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Sheryl Eisenberg, a long-time advisor to NRDC, posts a new This Green Life every month. Sheryl makes her home in Tribeca (NYC), where—along with her children, Sophie and Gabby, and husband, Peter—she tries to put her environmental principles into practice. No fooling. Read more about Sheryl.


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Mary Cleaver with a plate of organic asparagus
Make it easy on yourself. The process of planning a green event will go more smoothly if you hire a caterer or party planner who shares your goals, such as The Cleaver Co., a high-end catering firm in New York dedicated to "ingredient inspired cuisine."

Owner Mary Cleaver (above), a fabulous chef and old friend, explains that not only is local, sustainably grown produce better for the environment, but better-tasting, since it typically gets from farm to table in 24 hours with its natural fluids and flavors intact. When asked about her menus, she says they change in color and taste with the seasons. "That's the joy of it." The Cleaver Co.'s Dolce Vita Napoleon
A Cleaver Co. buffet
A Cleaver Co. "napoleon" and outdoor buffet.


• Local, organic food and flowers? To limit global warming pollution from transporting these items, keep toxic chemicals out of the environment and support local farmers and farms.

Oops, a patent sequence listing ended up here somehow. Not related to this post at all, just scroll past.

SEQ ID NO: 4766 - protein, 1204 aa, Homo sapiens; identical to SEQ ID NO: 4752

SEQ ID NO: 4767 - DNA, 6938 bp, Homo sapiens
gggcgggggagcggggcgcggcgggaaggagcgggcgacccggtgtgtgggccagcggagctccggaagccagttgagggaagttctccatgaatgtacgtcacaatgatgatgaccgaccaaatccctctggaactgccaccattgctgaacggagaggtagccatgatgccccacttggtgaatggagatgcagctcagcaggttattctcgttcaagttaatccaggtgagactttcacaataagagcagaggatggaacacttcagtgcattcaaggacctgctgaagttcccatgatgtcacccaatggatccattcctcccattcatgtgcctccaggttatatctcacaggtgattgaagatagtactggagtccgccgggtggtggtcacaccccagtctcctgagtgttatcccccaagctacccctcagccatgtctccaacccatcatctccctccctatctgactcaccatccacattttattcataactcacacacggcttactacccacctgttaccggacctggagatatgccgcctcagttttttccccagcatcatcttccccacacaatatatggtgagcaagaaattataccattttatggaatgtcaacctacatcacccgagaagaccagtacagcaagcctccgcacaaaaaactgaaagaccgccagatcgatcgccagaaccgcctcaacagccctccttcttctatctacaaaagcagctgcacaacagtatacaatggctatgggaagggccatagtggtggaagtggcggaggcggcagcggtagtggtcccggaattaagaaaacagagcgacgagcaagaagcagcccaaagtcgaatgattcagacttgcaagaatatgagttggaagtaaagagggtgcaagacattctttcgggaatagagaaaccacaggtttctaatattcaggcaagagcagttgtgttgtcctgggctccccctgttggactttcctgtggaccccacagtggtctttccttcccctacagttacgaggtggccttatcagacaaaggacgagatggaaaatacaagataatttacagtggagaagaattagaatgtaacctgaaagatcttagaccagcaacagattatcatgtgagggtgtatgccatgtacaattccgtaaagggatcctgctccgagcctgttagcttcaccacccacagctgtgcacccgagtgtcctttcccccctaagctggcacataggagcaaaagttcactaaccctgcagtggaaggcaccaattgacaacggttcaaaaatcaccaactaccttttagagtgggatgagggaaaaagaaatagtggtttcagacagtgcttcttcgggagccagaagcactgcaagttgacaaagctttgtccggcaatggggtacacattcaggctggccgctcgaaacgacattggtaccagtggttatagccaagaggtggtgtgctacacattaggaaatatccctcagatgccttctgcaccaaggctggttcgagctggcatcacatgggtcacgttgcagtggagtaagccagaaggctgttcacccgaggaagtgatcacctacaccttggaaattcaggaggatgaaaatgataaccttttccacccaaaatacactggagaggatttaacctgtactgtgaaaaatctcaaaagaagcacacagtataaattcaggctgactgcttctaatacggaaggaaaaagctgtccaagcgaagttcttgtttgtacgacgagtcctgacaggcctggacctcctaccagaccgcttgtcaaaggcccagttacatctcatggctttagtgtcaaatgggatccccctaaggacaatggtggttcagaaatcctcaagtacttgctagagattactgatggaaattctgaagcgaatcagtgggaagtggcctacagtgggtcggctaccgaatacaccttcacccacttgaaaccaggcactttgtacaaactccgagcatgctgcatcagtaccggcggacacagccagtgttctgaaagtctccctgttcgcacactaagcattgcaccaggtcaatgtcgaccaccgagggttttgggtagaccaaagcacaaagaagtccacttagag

• A plant-based entrée? To protect land, water and animals from the abuses of industrialized animal farming.

• Organic, fair-trade coffee and chocolate? To protect rainforest and songbird habitat.

• Old or recycled gold? To avoid the devastation to land, water, health and local communities from gold mining.

• Tree-free or recycled paper? To save trees, of course!

• No unnecessary gifts or clothes? To protect resources from overconsumption.

• Minimize travel? To limit global warming pollution.

• Buy carbon offsets? To make up for the global warming pollution you can't avoid.

Sheryl Eisenberg is a web developer and writer. With her firm, Mixit Productions (, she brought NRDC online in 1996, designed NRDC's first websites, and continues to develop special web features for NRDC. She created and, for several years, wrote the Union of Concerned Scientists' green living column, Greentips, and has designed and contributed content to many nonprofit sites.